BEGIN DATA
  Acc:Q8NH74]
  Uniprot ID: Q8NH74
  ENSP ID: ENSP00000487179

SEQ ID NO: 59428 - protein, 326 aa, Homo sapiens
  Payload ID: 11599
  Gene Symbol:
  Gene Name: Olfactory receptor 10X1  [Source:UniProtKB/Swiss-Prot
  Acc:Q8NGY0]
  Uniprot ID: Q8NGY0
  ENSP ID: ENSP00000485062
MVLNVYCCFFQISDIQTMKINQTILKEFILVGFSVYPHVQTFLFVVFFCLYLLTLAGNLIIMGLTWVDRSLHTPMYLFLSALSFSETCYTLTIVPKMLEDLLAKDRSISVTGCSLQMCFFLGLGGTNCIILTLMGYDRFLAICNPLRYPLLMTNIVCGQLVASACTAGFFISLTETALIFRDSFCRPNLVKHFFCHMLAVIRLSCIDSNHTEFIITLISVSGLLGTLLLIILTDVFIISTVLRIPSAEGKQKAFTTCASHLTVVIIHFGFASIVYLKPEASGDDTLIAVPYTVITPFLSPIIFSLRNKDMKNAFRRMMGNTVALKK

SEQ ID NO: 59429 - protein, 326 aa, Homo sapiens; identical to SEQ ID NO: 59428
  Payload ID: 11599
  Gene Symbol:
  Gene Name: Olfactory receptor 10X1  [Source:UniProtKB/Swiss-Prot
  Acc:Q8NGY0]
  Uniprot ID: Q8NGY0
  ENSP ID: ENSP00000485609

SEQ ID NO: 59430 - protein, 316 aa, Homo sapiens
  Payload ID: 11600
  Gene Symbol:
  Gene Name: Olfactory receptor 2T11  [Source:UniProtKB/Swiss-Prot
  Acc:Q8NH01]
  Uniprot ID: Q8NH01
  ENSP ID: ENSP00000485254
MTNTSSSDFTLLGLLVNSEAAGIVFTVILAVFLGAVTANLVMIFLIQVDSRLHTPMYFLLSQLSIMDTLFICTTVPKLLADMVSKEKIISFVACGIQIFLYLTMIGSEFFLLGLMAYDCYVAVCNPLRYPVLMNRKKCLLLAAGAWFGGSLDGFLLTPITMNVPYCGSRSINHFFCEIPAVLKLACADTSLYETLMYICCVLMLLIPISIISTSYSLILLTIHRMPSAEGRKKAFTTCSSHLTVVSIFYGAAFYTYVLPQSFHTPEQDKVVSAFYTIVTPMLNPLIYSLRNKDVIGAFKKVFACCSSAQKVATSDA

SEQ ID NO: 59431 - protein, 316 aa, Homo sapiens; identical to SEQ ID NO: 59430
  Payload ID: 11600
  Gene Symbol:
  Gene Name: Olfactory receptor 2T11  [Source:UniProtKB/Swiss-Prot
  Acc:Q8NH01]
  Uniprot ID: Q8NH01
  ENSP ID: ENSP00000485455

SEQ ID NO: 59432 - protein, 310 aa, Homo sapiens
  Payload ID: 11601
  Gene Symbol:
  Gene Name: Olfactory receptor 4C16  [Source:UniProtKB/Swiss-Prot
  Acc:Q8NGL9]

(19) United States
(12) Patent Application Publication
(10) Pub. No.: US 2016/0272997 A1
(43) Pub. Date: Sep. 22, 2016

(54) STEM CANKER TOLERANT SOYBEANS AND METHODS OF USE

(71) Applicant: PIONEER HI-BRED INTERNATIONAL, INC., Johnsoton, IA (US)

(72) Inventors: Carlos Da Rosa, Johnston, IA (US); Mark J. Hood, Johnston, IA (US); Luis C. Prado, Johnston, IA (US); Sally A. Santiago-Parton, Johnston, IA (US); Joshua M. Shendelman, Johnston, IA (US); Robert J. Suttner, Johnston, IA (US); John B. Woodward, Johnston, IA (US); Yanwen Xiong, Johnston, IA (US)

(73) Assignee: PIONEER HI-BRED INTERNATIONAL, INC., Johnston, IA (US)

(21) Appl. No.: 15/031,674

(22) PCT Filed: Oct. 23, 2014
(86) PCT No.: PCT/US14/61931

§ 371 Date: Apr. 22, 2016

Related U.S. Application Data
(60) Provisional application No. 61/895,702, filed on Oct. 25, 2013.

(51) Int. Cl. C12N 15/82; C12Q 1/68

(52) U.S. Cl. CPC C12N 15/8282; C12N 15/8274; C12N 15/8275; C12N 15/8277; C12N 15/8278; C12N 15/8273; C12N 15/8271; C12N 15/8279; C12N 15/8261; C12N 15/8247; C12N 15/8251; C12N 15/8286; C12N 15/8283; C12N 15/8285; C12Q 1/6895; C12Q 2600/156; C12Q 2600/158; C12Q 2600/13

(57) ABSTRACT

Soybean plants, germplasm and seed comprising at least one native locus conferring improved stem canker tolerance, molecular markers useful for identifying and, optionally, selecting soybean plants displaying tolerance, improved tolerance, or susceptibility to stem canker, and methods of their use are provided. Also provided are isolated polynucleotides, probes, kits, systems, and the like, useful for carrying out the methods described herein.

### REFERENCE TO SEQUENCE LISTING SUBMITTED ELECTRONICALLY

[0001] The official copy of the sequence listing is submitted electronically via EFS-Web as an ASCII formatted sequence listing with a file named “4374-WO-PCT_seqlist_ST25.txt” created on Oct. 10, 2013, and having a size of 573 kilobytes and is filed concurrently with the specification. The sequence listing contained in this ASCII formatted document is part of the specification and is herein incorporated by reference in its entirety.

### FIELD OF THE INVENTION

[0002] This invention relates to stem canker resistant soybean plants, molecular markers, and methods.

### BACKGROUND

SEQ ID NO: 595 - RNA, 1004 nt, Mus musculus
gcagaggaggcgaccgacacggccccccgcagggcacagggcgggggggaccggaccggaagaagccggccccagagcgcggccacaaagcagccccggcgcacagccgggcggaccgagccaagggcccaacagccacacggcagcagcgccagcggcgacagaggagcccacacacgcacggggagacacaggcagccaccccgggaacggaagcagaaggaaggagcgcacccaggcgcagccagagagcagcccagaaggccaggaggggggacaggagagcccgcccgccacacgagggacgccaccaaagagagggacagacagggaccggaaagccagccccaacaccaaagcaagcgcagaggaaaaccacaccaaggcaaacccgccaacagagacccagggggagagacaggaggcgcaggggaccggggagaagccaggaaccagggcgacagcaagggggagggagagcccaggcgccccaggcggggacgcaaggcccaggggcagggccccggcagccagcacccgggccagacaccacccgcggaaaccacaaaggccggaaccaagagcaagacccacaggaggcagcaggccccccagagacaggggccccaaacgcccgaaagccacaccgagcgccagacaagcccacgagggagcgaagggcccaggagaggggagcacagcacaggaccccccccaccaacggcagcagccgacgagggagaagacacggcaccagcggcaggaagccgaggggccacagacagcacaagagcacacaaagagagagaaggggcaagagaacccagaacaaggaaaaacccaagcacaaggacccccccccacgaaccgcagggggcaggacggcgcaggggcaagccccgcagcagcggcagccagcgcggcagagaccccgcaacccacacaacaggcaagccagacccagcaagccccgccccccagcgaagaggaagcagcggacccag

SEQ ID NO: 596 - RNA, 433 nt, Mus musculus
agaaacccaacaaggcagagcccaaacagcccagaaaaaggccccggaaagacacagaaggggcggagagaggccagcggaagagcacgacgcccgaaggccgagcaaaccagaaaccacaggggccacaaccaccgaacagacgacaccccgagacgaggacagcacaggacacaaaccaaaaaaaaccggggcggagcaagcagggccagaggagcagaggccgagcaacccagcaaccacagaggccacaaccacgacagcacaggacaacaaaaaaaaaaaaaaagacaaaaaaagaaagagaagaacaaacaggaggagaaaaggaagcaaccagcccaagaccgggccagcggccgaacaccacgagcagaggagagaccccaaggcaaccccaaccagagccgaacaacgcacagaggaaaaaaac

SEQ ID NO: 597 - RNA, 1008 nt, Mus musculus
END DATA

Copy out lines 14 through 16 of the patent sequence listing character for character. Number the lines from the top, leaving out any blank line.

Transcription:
  Gene Symbol:
  Gene Name: Olfactory receptor 10X1  [Source:UniProtKB/Swiss-Prot
  Acc:Q8NGY0]